More than 2 years later, family of shooting victim gets murder trial

LeQuince Tomlin and daughter (Courtesy/Carmen Jackson)
LeQuince Tomlin and daughter (Courtesy/Carmen Jackson)

AUSTIN (KXAN) – More than two and a half years after a man was murdered in an East Austin apartment complex, the family of the victim continues waiting for justice for their loved one, LeQuince Tomlin.

The first full day of the capital murder trial for Allen Keith Townsend began Tuesday in the 299th criminal district court, in connection to Tomlin’s death in November 2014.

For Tomlin’s family, it’s a day they’ve been waiting for since he died.

According to an arrest affidavit, two men “bum rushed” their way into a unit at the Walnut Creek Apartments on Springdale Road and asked for Tomlin, who had been sleeping on a living room couch.

The two other people in the apartment were ordered to get on the floor as one of the suspects took money from Tomlin at gunpoint. As the two men were leaving the apartment, one of them shot Tomlin, the affidavit said.

LeQuince Tomlin's family (Courtesy/Carmen Jackson)
LeQuince Tomlin’s family (Courtesy/Carmen Jackson)

Travis County District Attorney Margaret Moore says she understands why Tomlin’s family is frustrated with how long it’s taken their son’s case to see its day in court. Waiting for justice, she says, shouldn’t take this long.

“I’m glad we’re finally here. This is a difficult case for them to deal with, of course, they lost their son,” said Moore. “I’m just horrified that it’s taken this long.”

In an effort to address the delays in previous cases, just like the Townsend trial, the District Attorney’s Office has implemented a new policy. The policy outlines a trial court timeline for prosecutors to follow, to make sure the office does everything in its power to effectively and efficiently respond to every case that comes in, at every phase.

“It’s a high priority. The biggest factor to me is when I see these victims that have been waiting for their case to come to some sort of resolution for two, three, four years. That’s absolutely unacceptable,” said Moore. “What we’re trying to do is have the case ready for trial within 120 days. I don’t think 120 days is unreasonable to expect a major case to be ready.”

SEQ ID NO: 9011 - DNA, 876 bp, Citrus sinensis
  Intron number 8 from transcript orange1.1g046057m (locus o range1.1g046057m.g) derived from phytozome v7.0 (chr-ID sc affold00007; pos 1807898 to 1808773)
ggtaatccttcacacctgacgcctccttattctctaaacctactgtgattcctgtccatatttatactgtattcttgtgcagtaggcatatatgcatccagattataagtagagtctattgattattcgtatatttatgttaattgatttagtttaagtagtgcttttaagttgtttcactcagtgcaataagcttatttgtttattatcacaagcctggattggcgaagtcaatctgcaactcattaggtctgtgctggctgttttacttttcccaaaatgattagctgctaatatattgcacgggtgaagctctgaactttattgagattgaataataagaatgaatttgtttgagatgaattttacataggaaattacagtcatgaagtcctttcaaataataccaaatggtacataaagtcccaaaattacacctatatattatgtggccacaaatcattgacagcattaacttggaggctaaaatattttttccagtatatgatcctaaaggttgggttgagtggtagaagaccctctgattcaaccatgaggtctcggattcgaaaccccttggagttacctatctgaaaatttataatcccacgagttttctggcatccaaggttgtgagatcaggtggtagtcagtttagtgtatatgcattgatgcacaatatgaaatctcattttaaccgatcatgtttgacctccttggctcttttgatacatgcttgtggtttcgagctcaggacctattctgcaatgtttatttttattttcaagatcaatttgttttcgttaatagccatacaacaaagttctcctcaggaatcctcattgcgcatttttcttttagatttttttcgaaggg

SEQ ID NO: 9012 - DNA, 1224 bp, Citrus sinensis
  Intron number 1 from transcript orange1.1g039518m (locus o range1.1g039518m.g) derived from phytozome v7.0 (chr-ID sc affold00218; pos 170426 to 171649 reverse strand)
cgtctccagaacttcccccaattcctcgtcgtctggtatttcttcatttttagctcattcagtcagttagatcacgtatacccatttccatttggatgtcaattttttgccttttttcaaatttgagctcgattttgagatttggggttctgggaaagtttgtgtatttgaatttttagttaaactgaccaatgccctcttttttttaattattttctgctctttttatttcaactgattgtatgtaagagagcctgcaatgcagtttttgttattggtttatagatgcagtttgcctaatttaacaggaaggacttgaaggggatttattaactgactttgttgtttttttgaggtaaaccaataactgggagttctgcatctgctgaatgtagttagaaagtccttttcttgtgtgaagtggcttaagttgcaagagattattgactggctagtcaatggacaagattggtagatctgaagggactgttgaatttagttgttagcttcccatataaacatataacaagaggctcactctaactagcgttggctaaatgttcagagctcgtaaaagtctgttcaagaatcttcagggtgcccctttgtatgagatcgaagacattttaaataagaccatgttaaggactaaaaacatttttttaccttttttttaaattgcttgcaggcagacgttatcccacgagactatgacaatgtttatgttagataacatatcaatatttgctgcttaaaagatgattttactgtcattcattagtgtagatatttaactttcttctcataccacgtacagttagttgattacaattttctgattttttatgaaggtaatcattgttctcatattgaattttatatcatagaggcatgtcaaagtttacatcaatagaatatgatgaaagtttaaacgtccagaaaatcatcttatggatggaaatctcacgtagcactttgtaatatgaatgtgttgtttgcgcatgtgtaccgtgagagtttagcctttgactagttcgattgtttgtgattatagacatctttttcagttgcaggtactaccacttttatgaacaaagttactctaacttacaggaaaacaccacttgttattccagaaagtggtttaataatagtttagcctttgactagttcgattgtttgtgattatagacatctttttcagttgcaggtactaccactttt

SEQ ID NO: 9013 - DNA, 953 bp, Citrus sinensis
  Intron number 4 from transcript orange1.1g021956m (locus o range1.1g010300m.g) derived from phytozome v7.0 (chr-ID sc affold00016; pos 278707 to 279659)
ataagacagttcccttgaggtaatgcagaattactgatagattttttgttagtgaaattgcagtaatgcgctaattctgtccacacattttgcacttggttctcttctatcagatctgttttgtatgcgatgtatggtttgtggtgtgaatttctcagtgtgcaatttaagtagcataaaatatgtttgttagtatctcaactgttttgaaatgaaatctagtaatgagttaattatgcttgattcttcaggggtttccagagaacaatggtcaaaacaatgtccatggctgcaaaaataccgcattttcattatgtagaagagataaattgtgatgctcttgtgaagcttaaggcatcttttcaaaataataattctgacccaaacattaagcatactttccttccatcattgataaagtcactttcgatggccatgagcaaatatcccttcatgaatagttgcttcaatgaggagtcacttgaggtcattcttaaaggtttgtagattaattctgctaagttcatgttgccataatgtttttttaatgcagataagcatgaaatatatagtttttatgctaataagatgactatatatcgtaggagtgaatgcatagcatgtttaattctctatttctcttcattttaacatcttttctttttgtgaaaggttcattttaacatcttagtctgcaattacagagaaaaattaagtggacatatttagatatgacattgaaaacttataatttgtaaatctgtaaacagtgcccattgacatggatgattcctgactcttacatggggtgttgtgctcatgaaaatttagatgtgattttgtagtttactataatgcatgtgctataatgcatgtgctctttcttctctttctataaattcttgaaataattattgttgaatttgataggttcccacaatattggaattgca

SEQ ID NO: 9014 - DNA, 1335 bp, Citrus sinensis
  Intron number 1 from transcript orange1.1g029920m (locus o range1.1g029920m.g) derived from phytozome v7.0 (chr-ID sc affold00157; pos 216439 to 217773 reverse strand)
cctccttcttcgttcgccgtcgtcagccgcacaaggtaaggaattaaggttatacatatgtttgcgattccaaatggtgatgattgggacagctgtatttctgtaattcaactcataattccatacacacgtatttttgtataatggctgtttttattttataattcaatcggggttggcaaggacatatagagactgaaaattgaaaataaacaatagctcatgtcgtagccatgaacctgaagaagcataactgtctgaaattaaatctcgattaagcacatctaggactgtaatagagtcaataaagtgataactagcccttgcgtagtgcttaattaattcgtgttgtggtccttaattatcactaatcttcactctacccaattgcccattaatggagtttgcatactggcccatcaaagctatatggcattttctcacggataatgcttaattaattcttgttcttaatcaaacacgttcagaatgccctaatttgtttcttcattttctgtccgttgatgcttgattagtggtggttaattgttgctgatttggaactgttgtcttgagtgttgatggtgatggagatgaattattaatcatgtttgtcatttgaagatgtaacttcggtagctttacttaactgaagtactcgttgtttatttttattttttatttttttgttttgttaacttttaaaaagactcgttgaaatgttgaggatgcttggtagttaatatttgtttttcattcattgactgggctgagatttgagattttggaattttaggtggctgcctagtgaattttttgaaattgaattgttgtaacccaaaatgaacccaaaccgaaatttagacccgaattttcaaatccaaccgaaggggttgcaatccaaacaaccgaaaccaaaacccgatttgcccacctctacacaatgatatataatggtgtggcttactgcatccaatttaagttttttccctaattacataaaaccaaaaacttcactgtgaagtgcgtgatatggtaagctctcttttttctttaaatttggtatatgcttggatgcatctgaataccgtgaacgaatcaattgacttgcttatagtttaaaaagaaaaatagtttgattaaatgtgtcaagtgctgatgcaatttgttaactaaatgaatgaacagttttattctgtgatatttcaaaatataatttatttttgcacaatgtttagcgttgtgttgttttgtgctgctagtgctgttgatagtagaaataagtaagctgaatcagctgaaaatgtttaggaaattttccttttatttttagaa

Responsibilities for victim outreach for violent crimes also has guidelines.

“We are asking that our prosecutors and our victim witness people get in contact with a victim within seven to 10 days with violent crime, and 24-48 hours in a family violence case,” she added. “There’s just a need for victims to see resolution to cases.”

The DA’s Office say they try to adhere to a timeline after a person is indicted. The case management timeline includes:

  • Within 7-10 days post indictment: Victim outreach by prosecutor to notify of indictment and first setting/discuss possible outcomes; review case and work on any follow up investigation
  • Within 30 days post indictment: Begin gathering discovery, all items submitted to lab or results requested, pleadings checked, begin witness contact, if necessary
  • Within 90 days post indictment: Discovery complete; make offer to defense (in writing if possible) after victim input and notification; all necessary evidence submitted to lab for testing; re-indictment done if necessary
  • Within 120 days post indictment: Final offer made, case ready for plea or trial; no plea bargaining on day of trial without approval of a director.

“There need to be written policies in a DA’s office, and this is just one area where you need them. They’re important to not only inform the public about how we’re managing the office in what’s happening with these cases. They’re important that the victims know what is happening,” added Moore.

The district attorney says there may be legitimate reasons for delays her office cannot avoid going forward. However, she says those will now be tracked to make certain they are followed up on well into the future and analyzed to understand why certain guidelines cannot be met and why.

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